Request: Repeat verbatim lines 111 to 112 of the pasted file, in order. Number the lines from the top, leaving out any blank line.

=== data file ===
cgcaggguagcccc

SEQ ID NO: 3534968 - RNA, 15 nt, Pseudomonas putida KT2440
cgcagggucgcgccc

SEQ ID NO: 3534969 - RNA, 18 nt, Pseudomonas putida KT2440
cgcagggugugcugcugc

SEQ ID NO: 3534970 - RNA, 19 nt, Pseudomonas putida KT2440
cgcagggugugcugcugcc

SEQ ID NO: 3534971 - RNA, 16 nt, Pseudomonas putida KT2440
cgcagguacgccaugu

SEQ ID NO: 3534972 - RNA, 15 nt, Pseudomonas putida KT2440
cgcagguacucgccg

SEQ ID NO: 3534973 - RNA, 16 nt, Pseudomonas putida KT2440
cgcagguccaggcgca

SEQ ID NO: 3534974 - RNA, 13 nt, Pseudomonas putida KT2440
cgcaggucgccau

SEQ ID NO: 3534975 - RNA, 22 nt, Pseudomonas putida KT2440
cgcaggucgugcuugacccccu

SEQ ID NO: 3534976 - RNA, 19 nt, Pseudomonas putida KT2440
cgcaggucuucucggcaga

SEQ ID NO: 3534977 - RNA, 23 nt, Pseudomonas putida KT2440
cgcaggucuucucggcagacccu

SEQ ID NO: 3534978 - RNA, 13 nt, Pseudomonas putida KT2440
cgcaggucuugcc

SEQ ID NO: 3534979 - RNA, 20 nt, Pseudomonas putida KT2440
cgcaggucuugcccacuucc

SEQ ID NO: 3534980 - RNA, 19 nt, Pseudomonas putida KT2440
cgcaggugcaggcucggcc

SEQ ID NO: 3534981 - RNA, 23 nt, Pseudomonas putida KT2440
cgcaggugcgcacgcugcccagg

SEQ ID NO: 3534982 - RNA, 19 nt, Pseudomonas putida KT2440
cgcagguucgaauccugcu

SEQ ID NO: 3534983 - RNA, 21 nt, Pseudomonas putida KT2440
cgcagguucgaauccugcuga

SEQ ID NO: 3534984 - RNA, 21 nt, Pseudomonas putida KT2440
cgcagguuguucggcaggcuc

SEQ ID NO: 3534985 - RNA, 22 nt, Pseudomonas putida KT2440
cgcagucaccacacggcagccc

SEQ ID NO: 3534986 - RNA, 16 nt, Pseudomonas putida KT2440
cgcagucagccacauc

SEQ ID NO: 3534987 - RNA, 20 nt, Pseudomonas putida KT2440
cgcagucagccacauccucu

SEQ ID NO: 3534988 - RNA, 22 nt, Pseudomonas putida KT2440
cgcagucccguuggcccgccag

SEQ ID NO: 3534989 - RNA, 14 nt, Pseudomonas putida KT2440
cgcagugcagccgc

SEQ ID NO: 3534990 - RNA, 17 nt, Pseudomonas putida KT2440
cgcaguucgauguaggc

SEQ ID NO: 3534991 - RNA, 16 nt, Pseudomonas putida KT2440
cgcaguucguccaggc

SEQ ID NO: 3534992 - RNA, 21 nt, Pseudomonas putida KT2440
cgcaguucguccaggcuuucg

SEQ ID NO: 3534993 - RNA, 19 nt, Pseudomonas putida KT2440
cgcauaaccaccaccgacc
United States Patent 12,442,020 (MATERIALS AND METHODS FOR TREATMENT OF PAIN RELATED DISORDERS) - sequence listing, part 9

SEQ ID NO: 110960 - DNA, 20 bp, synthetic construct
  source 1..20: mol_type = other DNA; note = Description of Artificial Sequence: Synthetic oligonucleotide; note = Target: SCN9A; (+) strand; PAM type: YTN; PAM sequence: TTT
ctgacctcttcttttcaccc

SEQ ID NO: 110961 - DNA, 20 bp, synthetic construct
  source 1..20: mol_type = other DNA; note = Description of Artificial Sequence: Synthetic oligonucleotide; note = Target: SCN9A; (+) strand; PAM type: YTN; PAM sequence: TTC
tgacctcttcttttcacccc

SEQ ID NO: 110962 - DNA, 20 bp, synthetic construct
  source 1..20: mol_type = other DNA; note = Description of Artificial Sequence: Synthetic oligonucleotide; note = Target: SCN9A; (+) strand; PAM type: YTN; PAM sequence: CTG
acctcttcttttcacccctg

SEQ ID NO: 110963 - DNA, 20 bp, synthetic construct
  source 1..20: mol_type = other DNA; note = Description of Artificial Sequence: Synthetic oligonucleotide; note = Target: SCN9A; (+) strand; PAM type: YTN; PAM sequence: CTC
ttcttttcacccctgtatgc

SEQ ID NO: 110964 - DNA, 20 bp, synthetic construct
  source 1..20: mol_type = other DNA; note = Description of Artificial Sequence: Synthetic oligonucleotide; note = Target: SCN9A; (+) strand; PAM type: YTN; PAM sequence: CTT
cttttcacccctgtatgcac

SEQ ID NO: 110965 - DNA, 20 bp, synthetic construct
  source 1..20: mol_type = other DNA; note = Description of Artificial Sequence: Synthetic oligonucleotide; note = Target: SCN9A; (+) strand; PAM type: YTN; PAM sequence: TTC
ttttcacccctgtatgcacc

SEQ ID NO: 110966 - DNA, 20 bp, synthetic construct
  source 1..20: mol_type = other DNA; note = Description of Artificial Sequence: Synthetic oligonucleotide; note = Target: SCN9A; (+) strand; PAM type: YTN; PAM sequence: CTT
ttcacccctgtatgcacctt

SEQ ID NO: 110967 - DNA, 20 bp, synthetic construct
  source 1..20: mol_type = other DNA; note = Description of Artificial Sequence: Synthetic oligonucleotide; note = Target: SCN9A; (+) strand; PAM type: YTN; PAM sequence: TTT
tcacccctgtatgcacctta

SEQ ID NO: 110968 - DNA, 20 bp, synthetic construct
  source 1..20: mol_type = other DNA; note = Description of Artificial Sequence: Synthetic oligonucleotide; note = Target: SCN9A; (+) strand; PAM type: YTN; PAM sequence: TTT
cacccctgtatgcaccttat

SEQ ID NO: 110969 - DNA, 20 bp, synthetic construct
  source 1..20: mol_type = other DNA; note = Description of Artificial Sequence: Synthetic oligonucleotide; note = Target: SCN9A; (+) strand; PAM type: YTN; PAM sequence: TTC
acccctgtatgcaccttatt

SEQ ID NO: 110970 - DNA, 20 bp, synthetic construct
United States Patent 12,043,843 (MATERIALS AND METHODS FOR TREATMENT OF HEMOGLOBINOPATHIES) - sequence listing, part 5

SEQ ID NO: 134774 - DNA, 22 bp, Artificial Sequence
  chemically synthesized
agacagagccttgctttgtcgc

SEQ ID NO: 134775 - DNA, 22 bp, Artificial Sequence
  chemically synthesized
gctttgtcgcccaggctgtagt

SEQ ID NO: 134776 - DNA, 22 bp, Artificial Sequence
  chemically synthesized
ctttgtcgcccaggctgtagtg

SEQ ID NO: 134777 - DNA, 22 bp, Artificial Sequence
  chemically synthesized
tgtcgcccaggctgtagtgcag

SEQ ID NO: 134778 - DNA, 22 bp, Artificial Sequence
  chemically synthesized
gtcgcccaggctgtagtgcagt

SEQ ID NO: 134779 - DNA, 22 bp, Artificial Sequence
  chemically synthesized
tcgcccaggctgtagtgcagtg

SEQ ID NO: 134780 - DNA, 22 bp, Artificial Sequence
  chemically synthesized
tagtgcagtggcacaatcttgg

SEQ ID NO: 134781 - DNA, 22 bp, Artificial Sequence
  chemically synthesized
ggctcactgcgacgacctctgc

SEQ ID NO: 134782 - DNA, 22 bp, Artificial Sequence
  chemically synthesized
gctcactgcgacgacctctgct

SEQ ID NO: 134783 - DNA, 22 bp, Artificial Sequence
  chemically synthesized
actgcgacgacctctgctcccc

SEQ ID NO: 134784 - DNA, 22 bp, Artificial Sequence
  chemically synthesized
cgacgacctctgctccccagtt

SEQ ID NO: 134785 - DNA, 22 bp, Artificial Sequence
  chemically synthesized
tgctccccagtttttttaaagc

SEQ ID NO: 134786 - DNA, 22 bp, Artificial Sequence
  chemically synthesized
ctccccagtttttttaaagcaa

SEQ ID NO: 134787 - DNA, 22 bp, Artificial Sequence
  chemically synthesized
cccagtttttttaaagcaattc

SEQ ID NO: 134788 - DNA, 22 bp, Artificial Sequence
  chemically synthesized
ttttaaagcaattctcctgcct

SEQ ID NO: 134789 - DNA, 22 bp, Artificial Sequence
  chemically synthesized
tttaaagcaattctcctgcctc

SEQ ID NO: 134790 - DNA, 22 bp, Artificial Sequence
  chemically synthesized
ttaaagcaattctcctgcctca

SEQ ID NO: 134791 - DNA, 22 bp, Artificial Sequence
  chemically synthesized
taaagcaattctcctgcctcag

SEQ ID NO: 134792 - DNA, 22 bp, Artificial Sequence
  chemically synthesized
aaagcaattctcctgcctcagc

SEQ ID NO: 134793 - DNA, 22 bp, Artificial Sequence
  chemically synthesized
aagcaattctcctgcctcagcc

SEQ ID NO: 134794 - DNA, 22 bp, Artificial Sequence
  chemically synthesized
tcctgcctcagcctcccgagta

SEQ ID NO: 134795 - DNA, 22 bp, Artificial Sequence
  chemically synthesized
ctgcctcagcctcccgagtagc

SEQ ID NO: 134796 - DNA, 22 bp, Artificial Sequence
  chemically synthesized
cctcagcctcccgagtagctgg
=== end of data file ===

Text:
SEQ ID NO: 134782 - DNA, 22 bp, Artificial Sequence
  chemically synthesized